cancel
Showing results for 
Search instead for 
Did you mean: 
cancel
57
Views
0
Helpful
1
Replies
Highlighted
Rising star

How does NSO compare to other Configuration Management tools?

How does NSO compare to other Configuration Management tools?

1 ACCEPTED SOLUTION

Accepted Solutions
Rising star

Re: How does NSO compare to other Configuration Management tools?

If you look at the marketing material, there seems to be a lot of configuration management tools on the market. However, when you dig into the actual functionality available for writing configurations to the devices, it is disappointing. The practice for these kinds of tools is to push and pull configuration files, store them, diff them and restore them. This works fine for static environments. The above tools do not actually understand the configurations, they treat them as opaque text files.

NSO on the other hand understands the configurations and represent them as fine-grained data structures in the embedded configuration database. Thereby NSO can provide configuration-aware tools like the CLI, configuration validation, an auto-rendered web interface, etc. And most importantly NSO can do real-time fine-grained changes r ather than diffing and pulling configuration files.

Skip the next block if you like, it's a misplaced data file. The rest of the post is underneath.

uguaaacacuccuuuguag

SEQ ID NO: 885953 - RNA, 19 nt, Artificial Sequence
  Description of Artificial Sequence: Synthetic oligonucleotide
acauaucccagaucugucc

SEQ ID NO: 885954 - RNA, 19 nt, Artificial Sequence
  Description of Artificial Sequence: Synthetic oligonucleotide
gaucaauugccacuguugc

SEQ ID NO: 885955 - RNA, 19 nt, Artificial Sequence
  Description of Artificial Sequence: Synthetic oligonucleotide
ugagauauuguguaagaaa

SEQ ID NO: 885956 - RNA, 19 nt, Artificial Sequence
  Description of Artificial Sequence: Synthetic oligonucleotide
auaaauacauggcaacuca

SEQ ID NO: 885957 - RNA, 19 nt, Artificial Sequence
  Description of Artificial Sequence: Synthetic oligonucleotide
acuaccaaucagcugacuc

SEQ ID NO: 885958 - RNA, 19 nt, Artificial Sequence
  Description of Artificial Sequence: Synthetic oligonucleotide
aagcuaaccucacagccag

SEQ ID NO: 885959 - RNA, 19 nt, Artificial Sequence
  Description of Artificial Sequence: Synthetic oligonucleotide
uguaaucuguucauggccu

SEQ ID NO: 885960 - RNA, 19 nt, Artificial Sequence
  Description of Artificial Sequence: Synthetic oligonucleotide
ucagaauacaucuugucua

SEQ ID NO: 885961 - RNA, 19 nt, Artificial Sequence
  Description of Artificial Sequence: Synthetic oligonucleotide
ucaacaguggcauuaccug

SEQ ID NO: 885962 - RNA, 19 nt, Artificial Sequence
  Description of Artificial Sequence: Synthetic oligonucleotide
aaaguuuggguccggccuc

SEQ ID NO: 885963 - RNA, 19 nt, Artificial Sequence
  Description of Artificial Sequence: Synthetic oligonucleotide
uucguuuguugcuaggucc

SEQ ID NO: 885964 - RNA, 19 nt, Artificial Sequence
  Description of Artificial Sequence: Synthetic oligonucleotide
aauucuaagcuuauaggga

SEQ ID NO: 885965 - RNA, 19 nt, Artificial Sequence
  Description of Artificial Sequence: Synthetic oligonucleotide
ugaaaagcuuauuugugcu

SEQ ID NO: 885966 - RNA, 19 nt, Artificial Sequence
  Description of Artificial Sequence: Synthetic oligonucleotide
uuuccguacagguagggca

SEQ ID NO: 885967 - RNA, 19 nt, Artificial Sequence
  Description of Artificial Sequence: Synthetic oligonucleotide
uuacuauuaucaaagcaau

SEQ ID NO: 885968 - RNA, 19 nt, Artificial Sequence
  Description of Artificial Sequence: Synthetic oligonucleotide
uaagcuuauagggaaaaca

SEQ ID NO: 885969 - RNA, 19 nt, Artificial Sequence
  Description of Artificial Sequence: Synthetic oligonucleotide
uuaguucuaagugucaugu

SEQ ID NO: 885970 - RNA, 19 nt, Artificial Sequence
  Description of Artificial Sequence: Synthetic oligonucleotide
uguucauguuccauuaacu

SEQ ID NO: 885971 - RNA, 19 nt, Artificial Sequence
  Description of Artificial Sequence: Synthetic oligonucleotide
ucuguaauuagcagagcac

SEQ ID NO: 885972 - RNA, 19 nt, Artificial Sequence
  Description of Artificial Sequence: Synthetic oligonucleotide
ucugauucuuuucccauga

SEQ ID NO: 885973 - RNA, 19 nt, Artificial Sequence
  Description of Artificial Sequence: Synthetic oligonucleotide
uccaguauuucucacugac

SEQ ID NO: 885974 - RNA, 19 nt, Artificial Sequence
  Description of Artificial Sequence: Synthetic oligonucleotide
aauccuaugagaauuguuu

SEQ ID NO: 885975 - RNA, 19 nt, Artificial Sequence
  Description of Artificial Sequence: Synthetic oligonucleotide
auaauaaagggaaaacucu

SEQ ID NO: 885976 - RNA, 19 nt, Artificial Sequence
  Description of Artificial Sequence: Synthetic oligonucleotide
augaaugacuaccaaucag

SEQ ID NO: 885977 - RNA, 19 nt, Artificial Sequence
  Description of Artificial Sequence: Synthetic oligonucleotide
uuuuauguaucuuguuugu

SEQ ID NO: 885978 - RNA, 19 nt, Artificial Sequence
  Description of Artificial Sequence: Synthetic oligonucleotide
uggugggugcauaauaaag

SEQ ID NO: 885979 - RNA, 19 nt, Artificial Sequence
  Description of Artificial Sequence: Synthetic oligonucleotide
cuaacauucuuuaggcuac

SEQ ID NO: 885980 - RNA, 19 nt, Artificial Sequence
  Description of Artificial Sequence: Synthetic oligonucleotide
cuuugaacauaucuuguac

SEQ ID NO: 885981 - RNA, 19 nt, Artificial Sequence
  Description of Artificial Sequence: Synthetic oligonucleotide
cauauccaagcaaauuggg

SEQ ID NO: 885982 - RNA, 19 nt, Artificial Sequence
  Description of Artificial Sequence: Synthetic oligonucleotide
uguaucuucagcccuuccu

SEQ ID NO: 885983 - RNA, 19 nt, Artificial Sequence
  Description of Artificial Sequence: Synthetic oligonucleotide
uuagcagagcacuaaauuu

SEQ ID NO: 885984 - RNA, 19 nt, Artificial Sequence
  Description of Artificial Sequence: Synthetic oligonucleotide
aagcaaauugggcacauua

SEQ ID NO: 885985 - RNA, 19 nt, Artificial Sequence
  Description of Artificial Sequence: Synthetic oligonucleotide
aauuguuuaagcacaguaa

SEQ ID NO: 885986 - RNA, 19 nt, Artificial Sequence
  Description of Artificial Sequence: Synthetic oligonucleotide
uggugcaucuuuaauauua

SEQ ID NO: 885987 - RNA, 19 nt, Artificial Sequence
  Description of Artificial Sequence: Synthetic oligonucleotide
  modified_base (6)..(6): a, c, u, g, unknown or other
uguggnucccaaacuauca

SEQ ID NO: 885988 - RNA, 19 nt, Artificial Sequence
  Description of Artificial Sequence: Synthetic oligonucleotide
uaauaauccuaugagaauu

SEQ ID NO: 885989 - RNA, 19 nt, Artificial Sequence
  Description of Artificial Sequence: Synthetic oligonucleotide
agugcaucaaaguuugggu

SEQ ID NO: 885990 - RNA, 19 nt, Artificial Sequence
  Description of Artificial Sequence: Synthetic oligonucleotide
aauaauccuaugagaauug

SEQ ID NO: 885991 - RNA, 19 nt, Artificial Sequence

NSO can also do service provisioning.

Some vendors have fantastic tools for managing their specific devices. This works great if you have a single-vendor network. However, single-vendor networks are rare.

View solution in original post

1 REPLY 1
Rising star

Re: How does NSO compare to other Configuration Management tools?

If you look at the marketing material, there seems to be a lot of configuration management tools on the market. However, when you dig into the actual functionality available for writing configurations to the devices, it is disappointing. The practice for these kinds of tools is to push and pull configuration files, store them, diff them and restore them. This works fine for static environments. The above tools do not actually understand the configurations, they treat them as opaque text files.

NSO on the other hand understands the configurations and represent them as fine-grained data structures in the embedded configuration database. Thereby NSO can provide configuration-aware tools like the CLI, configuration validation, an auto-rendered web interface, etc. And most importantly NSO can do real-time fine-grained changes r ather than diffing and pulling configuration files.

NSO can also do service provisioning.

Some vendors have fantastic tools for managing their specific devices. This works great if you have a single-vendor network. However, single-vendor networks are rare.

View solution in original post